-   61 per cent in Ontario
    -   82 per cent in British Columbia
    -   73 per cent in Quebec
    -   74 per cent in Atlantic Canada
    -   Women are more concerned than their male counterparts about
        healthcare (76.1 per cent vs. 60.9 per cent)

       The senior population has doubled since the early 1980s and is
             expected to almost double again in the next 25 years

              Reasons cited to want to stay in home as one ages

    -   More comfort, greater independence, greater familiarity with
        surroundings, dislike of nursing homes and proximity to family
    -   Canadians are split over their ability to care for aging family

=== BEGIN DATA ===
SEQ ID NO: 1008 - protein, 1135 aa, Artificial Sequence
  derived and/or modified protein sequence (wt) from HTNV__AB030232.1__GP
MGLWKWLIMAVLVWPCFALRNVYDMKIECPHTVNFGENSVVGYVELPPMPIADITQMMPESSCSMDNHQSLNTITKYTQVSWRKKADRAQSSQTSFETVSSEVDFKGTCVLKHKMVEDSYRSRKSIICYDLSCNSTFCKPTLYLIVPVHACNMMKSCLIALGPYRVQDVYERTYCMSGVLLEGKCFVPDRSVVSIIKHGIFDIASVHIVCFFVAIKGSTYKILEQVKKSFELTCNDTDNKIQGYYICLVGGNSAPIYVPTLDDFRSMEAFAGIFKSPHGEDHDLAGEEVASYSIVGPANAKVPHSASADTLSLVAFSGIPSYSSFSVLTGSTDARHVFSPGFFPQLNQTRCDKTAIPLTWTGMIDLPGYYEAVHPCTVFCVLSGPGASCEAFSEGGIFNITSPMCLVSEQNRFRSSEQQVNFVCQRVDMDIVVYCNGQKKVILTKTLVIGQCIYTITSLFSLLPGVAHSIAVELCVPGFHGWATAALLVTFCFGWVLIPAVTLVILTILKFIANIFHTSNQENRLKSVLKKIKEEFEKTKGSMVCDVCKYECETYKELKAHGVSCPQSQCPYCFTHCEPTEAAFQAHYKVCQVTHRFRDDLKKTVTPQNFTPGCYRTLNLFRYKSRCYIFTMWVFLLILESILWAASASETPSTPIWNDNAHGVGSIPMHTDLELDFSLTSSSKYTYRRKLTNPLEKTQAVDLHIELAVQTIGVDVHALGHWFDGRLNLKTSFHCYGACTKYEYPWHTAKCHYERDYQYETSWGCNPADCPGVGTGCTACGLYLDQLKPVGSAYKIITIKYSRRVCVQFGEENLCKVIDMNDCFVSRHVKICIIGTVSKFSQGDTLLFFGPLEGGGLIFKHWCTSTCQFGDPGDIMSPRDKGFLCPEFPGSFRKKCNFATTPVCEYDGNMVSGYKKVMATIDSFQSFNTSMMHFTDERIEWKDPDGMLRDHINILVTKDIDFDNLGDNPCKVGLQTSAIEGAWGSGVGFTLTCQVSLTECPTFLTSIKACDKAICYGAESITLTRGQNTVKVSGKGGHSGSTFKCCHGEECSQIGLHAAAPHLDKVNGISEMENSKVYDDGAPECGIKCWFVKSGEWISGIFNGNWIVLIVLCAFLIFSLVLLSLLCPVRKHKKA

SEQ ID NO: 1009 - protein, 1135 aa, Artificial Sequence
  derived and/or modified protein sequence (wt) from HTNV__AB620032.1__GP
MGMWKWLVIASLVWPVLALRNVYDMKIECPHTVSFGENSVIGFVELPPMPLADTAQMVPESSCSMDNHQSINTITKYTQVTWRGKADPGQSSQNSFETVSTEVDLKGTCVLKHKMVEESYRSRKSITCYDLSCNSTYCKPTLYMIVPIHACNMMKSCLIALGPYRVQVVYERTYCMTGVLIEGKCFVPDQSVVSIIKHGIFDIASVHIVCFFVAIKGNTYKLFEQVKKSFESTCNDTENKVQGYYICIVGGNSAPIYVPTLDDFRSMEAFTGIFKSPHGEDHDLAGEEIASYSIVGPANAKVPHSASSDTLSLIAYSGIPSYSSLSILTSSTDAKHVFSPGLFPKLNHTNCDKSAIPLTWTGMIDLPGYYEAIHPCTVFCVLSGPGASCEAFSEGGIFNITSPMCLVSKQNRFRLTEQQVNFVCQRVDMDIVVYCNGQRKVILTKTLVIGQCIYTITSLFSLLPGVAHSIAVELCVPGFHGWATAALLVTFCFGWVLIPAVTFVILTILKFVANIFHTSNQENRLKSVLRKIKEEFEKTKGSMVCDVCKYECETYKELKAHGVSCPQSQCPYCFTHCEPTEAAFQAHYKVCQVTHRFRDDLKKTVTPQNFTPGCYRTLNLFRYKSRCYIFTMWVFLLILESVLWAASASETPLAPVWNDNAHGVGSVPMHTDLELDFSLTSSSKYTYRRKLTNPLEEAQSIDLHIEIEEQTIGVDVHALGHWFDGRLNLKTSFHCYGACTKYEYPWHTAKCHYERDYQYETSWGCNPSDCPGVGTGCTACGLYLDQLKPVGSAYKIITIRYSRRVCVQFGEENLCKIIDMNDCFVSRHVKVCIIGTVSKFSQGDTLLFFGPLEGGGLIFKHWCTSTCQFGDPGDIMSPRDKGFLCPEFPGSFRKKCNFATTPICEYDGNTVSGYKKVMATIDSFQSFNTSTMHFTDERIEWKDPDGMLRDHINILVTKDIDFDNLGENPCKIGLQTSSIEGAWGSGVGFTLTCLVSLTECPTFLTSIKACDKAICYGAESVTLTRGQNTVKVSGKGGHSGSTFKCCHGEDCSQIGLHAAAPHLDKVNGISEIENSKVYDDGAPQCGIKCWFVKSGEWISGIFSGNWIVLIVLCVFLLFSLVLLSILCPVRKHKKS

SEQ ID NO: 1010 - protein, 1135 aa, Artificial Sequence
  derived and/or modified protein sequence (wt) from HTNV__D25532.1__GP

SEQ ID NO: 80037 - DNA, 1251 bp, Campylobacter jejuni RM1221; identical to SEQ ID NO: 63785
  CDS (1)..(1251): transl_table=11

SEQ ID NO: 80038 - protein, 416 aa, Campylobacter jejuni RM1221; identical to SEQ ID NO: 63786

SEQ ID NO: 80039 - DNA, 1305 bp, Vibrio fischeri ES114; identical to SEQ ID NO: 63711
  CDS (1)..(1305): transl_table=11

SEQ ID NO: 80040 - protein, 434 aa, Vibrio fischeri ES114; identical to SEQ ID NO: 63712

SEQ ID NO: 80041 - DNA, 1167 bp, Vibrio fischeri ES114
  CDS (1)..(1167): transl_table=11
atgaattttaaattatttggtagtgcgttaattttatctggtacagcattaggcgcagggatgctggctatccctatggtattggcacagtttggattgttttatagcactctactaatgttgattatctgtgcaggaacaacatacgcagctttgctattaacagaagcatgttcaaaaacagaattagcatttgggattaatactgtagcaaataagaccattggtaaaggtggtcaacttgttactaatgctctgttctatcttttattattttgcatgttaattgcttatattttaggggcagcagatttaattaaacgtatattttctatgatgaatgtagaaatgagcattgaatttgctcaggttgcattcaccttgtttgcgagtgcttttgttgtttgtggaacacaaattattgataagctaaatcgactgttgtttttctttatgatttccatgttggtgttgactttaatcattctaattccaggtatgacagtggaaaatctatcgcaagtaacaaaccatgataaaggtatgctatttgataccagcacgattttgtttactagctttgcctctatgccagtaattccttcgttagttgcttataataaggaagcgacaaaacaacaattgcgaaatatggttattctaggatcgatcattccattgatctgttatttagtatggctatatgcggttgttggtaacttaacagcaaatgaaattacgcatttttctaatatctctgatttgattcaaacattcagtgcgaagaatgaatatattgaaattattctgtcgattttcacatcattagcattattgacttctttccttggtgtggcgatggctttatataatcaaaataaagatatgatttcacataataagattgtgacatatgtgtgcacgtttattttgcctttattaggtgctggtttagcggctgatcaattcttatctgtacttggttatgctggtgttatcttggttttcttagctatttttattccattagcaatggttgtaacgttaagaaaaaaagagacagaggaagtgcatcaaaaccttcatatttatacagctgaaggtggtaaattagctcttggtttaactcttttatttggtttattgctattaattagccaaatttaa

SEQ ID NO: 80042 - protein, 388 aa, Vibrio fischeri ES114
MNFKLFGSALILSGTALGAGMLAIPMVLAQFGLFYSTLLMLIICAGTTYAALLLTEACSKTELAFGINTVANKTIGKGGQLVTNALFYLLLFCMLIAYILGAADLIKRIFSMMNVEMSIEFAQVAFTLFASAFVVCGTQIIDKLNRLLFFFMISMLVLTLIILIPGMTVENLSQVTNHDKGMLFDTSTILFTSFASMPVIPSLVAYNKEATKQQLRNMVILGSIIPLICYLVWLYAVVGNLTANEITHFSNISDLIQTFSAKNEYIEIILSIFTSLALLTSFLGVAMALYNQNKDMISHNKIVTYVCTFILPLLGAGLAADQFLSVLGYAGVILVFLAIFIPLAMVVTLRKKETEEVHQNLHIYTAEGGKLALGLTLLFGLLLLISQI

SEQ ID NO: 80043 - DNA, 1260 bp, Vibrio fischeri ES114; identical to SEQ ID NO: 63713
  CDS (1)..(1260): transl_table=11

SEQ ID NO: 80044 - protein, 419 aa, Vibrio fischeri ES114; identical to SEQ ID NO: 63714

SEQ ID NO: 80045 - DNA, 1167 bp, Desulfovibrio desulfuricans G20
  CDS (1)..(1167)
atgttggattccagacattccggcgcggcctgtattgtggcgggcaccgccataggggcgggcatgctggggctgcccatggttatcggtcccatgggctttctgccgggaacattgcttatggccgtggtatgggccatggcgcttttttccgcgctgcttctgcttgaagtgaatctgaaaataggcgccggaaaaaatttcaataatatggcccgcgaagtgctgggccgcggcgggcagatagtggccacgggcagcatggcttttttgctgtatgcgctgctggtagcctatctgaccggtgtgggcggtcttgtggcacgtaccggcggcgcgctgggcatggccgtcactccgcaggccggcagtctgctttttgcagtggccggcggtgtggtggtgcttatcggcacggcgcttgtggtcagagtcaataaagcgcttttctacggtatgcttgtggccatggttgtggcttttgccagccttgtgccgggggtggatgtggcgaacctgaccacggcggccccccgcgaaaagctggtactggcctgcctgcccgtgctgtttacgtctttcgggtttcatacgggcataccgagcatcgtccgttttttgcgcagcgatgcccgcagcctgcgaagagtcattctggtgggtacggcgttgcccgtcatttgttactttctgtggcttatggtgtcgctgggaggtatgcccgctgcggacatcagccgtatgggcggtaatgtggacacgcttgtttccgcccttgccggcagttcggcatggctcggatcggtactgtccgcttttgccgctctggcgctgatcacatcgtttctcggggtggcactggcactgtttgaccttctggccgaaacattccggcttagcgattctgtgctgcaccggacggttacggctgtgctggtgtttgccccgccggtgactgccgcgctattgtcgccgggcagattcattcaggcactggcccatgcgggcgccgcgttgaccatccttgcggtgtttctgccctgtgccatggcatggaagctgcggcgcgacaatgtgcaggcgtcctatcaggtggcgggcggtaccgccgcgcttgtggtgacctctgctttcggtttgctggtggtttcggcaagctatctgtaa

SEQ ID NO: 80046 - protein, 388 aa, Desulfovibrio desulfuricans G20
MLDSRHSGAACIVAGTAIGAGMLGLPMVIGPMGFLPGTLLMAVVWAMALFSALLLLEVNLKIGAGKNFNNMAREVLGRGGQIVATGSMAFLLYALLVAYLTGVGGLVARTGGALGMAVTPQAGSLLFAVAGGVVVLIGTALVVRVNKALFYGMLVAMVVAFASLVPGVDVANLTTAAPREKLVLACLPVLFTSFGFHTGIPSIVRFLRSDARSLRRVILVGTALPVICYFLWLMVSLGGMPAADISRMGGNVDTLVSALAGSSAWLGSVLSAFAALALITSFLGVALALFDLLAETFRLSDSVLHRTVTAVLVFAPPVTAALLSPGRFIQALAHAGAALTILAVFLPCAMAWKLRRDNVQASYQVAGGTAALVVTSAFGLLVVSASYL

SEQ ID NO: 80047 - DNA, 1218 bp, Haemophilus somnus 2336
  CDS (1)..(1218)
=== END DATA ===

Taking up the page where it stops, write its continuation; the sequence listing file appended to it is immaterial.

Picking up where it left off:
members

    53 per cent of Canadians are not concerned about their potential
                             roles as caregivers

       Reasons Canadians are concerned about their role as a caregiver

    -   Sense of responsibility to family members, time pressures, lack of
        qualifications to care, financial impact
    -   Over half of respondents who are employed part time said they believe
        it's their responsibility to become a caregiver

        A majority of Canadians expect to be involved in the choice of
                                  caregiver

    -   Almost 75 per cent are interested
    -   Quebeckers the least likely to be involved (59.5 per cent vs national
        average of 72.5 per cent)
    -   Households earning $60K+ annually more likely to be involved than
        those earning less
    -   Minority who don't want to be involved want role for themselves,
        defer decision to patients themselves, or don't feel qualified to
        make the decision